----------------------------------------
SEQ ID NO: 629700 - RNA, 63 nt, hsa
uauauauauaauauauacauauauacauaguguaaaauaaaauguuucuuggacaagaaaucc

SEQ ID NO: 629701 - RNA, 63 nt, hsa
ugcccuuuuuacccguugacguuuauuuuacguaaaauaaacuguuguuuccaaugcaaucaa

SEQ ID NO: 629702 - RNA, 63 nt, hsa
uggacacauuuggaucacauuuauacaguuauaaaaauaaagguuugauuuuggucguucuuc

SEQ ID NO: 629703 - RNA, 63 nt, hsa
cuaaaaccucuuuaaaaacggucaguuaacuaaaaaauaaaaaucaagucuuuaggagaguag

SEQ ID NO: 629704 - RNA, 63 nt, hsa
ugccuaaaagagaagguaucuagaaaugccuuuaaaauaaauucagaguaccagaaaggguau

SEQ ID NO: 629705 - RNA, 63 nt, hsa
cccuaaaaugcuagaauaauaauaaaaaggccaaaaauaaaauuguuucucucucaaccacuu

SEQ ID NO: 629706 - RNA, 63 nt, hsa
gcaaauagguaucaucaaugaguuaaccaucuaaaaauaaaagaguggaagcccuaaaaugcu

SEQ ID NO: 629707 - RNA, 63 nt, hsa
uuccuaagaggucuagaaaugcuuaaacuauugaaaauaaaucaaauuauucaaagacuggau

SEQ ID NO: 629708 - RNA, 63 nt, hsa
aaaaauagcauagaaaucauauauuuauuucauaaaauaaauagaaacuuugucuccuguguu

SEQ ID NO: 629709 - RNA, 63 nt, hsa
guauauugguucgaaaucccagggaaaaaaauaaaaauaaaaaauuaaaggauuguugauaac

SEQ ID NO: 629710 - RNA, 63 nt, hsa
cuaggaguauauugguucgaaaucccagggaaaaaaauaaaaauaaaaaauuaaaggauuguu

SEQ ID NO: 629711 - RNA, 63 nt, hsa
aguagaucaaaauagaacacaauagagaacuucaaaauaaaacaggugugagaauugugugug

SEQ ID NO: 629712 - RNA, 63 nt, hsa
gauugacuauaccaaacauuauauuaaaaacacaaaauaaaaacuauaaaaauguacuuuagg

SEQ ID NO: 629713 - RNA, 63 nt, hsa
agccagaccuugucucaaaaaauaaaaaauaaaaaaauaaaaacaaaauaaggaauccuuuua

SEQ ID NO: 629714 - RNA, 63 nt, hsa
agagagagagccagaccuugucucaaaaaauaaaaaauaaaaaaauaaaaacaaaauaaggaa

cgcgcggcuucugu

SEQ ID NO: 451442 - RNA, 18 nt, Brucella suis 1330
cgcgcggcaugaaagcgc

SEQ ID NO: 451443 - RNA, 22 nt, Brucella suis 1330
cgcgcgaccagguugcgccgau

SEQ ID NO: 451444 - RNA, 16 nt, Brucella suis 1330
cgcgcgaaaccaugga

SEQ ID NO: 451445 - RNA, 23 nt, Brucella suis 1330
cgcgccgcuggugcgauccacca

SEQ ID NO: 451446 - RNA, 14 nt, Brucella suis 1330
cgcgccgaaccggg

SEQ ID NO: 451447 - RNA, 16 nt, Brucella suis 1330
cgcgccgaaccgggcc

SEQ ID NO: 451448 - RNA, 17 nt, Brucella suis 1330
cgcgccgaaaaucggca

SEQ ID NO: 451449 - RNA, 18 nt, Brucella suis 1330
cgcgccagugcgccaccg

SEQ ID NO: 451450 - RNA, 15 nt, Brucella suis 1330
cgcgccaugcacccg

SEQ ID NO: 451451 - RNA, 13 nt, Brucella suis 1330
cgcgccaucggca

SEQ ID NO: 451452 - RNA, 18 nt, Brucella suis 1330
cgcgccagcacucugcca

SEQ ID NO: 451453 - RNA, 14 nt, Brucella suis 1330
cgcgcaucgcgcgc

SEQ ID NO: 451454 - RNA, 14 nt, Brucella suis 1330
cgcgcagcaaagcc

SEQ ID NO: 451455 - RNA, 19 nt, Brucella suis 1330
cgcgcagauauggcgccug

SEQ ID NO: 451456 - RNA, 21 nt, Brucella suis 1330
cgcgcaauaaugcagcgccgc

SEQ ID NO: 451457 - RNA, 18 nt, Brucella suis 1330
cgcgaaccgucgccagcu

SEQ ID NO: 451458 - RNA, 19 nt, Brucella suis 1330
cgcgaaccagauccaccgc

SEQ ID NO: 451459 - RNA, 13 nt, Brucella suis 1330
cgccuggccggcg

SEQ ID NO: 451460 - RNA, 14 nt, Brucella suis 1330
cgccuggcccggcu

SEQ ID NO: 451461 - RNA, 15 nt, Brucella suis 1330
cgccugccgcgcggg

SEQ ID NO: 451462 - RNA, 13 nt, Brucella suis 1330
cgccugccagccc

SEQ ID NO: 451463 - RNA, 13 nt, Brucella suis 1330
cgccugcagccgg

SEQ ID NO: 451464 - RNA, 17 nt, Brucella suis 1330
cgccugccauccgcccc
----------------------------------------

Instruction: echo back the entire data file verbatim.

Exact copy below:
SEQ ID NO: 629700 - RNA, 63 nt, hsa
uauauauauaauauauacauauauacauaguguaaaauaaaauguuucuuggacaagaaaucc

SEQ ID NO: 629701 - RNA, 63 nt, hsa
ugcccuuuuuacccguugacguuuauuuuacguaaaauaaacuguuguuuccaaugcaaucaa

SEQ ID NO: 629702 - RNA, 63 nt, hsa
uggacacauuuggaucacauuuauacaguuauaaaaauaaagguuugauuuuggucguucuuc

SEQ ID NO: 629703 - RNA, 63 nt, hsa
cuaaaaccucuuuaaaaacggucaguuaacuaaaaaauaaaaaucaagucuuuaggagaguag

SEQ ID NO: 629704 - RNA, 63 nt, hsa
ugccuaaaagagaagguaucuagaaaugccuuuaaaauaaauucagaguaccagaaaggguau

SEQ ID NO: 629705 - RNA, 63 nt, hsa
cccuaaaaugcuagaauaauaauaaaaaggccaaaaauaaaauuguuucucucucaaccacuu

SEQ ID NO: 629706 - RNA, 63 nt, hsa
gcaaauagguaucaucaaugaguuaaccaucuaaaaauaaaagaguggaagcccuaaaaugcu

SEQ ID NO: 629707 - RNA, 63 nt, hsa
uuccuaagaggucuagaaaugcuuaaacuauugaaaauaaaucaaauuauucaaagacuggau

SEQ ID NO: 629708 - RNA, 63 nt, hsa
aaaaauagcauagaaaucauauauuuauuucauaaaauaaauagaaacuuugucuccuguguu

SEQ ID NO: 629709 - RNA, 63 nt, hsa
guauauugguucgaaaucccagggaaaaaaauaaaaauaaaaaauuaaaggauuguugauaac

SEQ ID NO: 629710 - RNA, 63 nt, hsa
cuaggaguauauugguucgaaaucccagggaaaaaaauaaaaauaaaaaauuaaaggauuguu

SEQ ID NO: 629711 - RNA, 63 nt, hsa
aguagaucaaaauagaacacaauagagaacuucaaaauaaaacaggugugagaauugugugug

SEQ ID NO: 629712 - RNA, 63 nt, hsa
gauugacuauaccaaacauuauauuaaaaacacaaaauaaaaacuauaaaaauguacuuuagg

SEQ ID NO: 629713 - RNA, 63 nt, hsa
agccagaccuugucucaaaaaauaaaaaauaaaaaaauaaaaacaaaauaaggaauccuuuua

SEQ ID NO: 629714 - RNA, 63 nt, hsa
agagagagagccagaccuugucucaaaaaauaaaaaauaaaaaaauaaaaacaaaauaaggaa

cgcgcggcuucugu

SEQ ID NO: 451442 - RNA, 18 nt, Brucella suis 1330
cgcgcggcaugaaagcgc

SEQ ID NO: 451443 - RNA, 22 nt, Brucella suis 1330
cgcgcgaccagguugcgccgau

SEQ ID NO: 451444 - RNA, 16 nt, Brucella suis 1330
cgcgcgaaaccaugga

SEQ ID NO: 451445 - RNA, 23 nt, Brucella suis 1330
cgcgccgcuggugcgauccacca

SEQ ID NO: 451446 - RNA, 14 nt, Brucella suis 1330
cgcgccgaaccggg

SEQ ID NO: 451447 - RNA, 16 nt, Brucella suis 1330
cgcgccgaaccgggcc

SEQ ID NO: 451448 - RNA, 17 nt, Brucella suis 1330
cgcgccgaaaaucggca

SEQ ID NO: 451449 - RNA, 18 nt, Brucella suis 1330
cgcgccagugcgccaccg

SEQ ID NO: 451450 - RNA, 15 nt, Brucella suis 1330
cgcgccaugcacccg

SEQ ID NO: 451451 - RNA, 13 nt, Brucella suis 1330
cgcgccaucggca

SEQ ID NO: 451452 - RNA, 18 nt, Brucella suis 1330
cgcgccagcacucugcca

SEQ ID NO: 451453 - RNA, 14 nt, Brucella suis 1330
cgcgcaucgcgcgc

SEQ ID NO: 451454 - RNA, 14 nt, Brucella suis 1330
cgcgcagcaaagcc

SEQ ID NO: 451455 - RNA, 19 nt, Brucella suis 1330
cgcgcagauauggcgccug

SEQ ID NO: 451456 - RNA, 21 nt, Brucella suis 1330
cgcgcaauaaugcagcgccgc

SEQ ID NO: 451457 - RNA, 18 nt, Brucella suis 1330
cgcgaaccgucgccagcu

SEQ ID NO: 451458 - RNA, 19 nt, Brucella suis 1330
cgcgaaccagauccaccgc

SEQ ID NO: 451459 - RNA, 13 nt, Brucella suis 1330
cgccuggccggcg

SEQ ID NO: 451460 - RNA, 14 nt, Brucella suis 1330
cgccuggcccggcu

SEQ ID NO: 451461 - RNA, 15 nt, Brucella suis 1330
cgccugccgcgcggg

SEQ ID NO: 451462 - RNA, 13 nt, Brucella suis 1330
cgccugccagccc

SEQ ID NO: 451463 - RNA, 13 nt, Brucella suis 1330
cgccugcagccgg

SEQ ID NO: 451464 - RNA, 17 nt, Brucella suis 1330
cgccugccauccgcccc